Synodontis angelicus, known commonly as the polka-dot squeaker or angel squeaker, belongs to a family of African catfishes called the Mochokidae (Teleostei: Siluriformes). ‘Squeaker’ and ‘upside-down catfish’ are common names given to species in this genus and the two closely related genera, Hemisynodontis and Brachysynodontis. They are quite common in the pet trade due to stunning pigmentation patterns and the peculiar habits from which the common names are derived. The angel squeaker exhibits a prime example of such a striking pigmentation pattern.
The name squeaker refers to the fact that, when agitated, many Synodontis species are capable of making a squeaking noise (recorded by Dr. John Friel, Cornell University) by stridulation of the pectoral spine against the pectoral girdle. Even more peculiar is the habit of some species that are known to swim upside-down. This habit is most certainly correlated with feeding for insects and other food items while upside-down at the waters surface, but upside-down catfish will rest and swim upside-down on a regular basis.
Synodontis is by far the largest genus in the family Mochokidae and, indeed, one of the largest among all catfishes (about 120 species, a close second to Corydoras, about 150 species). And so, Synodontis is often the stand-in when people think about mochokid catfishes. But, in fact, the family (10 genera, ~190 species) is much more morphologically diverse when you consider some of the other recognized genera. Euchilichthys, Atopochilus and Chiloglanis are particularly notable for their ventrally-directed sucker-shaped mouths. Others like Mochokus and Acanthocleithron are very poorly known, but exhibit unique morphologies of their own. Synodontis angelicus, like many mochokids, is typified by branched mandibular barbels, well-developed nuchal plates, a large cleithral process and S-shaped mandibular teeth set in a deep cavity/cup of the dentary.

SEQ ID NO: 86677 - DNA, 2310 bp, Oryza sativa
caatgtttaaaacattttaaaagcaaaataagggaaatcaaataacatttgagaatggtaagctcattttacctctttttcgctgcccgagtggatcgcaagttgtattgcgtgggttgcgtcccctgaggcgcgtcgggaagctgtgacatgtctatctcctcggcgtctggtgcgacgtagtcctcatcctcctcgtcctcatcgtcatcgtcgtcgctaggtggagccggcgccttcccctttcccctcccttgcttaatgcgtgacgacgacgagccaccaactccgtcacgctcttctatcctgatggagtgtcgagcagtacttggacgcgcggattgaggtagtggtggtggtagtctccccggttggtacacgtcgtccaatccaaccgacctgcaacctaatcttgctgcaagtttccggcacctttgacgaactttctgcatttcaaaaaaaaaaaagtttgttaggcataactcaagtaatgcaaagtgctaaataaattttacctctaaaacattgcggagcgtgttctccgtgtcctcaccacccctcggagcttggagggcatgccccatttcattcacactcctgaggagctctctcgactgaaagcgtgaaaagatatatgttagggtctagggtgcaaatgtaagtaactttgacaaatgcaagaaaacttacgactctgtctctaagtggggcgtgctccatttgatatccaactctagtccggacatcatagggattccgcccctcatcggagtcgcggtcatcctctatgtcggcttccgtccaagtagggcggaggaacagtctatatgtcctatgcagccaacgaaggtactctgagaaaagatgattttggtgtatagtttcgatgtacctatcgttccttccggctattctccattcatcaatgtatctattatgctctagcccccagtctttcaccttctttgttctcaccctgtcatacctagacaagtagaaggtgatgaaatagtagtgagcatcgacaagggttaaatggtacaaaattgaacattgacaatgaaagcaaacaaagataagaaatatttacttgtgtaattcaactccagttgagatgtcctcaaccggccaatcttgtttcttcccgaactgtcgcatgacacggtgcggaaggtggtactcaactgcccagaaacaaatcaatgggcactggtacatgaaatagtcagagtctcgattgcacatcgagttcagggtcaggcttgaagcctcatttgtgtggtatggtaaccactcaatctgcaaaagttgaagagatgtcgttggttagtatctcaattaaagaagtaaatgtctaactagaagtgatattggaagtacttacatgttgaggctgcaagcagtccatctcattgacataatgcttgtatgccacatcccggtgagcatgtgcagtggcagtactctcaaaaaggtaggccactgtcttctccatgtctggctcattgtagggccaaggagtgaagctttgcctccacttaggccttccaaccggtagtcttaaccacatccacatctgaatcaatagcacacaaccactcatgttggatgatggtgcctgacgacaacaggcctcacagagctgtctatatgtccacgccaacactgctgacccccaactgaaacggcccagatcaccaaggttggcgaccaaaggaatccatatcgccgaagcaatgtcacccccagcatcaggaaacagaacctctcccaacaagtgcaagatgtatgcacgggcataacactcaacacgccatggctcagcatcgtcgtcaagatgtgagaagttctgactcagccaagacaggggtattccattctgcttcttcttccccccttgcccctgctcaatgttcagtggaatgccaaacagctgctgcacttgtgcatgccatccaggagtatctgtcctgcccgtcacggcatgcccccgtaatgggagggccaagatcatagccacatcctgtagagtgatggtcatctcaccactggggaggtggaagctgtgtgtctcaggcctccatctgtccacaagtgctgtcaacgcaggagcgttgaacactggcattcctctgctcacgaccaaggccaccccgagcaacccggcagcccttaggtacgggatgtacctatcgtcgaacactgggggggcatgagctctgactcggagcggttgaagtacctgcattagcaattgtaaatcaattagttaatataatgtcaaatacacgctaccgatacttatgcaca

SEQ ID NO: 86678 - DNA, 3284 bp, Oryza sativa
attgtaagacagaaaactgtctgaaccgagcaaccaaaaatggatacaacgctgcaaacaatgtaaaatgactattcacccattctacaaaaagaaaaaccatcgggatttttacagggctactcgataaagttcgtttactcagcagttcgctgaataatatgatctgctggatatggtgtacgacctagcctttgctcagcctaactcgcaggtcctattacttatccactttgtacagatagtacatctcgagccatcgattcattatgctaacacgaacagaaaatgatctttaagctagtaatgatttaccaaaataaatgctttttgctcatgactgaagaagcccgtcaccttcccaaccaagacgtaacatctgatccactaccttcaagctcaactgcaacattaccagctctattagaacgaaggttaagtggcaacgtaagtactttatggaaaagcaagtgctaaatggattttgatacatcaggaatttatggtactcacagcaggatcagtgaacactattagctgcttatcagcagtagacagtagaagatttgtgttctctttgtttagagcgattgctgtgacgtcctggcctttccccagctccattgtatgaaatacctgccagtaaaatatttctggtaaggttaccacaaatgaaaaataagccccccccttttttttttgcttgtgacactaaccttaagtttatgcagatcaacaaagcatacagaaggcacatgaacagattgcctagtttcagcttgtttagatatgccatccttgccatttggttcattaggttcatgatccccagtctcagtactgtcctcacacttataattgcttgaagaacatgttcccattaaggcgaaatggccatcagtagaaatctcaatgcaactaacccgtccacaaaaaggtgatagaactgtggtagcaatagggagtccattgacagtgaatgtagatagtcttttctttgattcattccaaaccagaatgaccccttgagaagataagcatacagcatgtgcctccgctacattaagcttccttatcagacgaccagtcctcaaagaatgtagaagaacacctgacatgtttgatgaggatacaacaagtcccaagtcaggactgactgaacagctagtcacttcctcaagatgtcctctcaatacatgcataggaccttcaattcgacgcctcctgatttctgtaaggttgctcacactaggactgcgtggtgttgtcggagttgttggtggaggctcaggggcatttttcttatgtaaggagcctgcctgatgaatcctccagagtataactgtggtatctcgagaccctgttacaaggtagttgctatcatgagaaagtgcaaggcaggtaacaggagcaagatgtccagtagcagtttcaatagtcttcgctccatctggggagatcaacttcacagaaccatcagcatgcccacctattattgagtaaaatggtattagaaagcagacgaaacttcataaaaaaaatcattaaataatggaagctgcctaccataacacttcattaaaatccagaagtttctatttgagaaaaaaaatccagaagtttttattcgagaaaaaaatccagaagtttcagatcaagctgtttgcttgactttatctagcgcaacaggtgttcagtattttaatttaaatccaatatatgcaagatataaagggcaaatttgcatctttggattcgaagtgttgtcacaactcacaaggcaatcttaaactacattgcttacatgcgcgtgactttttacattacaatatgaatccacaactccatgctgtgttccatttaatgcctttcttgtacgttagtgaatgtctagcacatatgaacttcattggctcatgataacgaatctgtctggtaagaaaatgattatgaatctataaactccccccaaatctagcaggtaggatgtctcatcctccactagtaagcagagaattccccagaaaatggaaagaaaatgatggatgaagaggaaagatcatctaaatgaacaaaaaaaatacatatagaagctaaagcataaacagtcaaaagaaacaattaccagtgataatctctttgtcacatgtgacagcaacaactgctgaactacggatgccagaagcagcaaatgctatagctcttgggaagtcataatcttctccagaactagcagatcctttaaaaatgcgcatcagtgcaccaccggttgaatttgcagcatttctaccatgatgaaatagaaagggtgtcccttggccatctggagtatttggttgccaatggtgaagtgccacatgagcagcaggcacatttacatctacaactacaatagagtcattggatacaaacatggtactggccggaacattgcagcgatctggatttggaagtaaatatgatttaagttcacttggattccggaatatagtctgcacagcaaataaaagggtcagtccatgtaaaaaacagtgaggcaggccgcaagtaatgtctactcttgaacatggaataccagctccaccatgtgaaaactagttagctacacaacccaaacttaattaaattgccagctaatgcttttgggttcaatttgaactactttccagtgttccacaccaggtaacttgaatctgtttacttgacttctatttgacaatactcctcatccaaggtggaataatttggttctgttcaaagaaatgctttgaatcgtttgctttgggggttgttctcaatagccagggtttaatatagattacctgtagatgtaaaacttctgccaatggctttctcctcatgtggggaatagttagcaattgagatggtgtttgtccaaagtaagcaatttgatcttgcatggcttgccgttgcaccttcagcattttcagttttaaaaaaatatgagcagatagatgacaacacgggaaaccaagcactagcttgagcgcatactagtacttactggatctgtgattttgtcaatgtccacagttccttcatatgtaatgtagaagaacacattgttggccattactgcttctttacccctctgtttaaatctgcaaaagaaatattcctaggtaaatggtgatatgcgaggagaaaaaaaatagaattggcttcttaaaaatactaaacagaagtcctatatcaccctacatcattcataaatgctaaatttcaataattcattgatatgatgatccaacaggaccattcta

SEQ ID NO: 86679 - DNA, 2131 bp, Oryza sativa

Synodontis species vary greatly in adult size, from 5 cm total length (TL) in the recently described S. acanthoperca (Friel & Vigliotta, 2006) up to 80 cm in other species. Larger Synodontis are important food fishes in many parts of Africa. Species in other mochokid genera are even smaller as adults (e.g., Microsynodontis and Chiloglanis), but none are larger than the largest Synodontis. Synodontis angelicus may reach about 25 cm TL (Poll, 1971).
Members of the genus Synodontis, and more broadly the family, are known to exhibit obvious sexual dimorphism. For example, many species in the genus Chiloglanis show dimorphism of the caudal fin (Roberts, 1989; Seegers, 1996). Mochokids are also known to exhibit spiny ornamentation of the skull roof bones, opercular series and pectoral girdle. In the case of S. acanthoperca, a spine found at the rear of the operculum is, itself, sexually dimorphic. The spines of males are much larger than those of females (Friel & Vigliotta, 2006).
Synodontis catfishes span the entire geographic range of mochokids; they inhabit a large proportion of African freshwaters including most of sub-Saharan Africa and the Nile River basin and can be found in large rivers, smaller fast-flowing streams and the massive African rift lakes. Some species are known to swim in mid-water and some will shoal; others are primarily benthic and relatively solitary. Synodontis angelicus is distributed throughout the Congo River drainage (Poll, 1971). Anecdotal reports tell of angel squeakers using holes in submerged logs for shelter; this practice is probably more widespread in the family.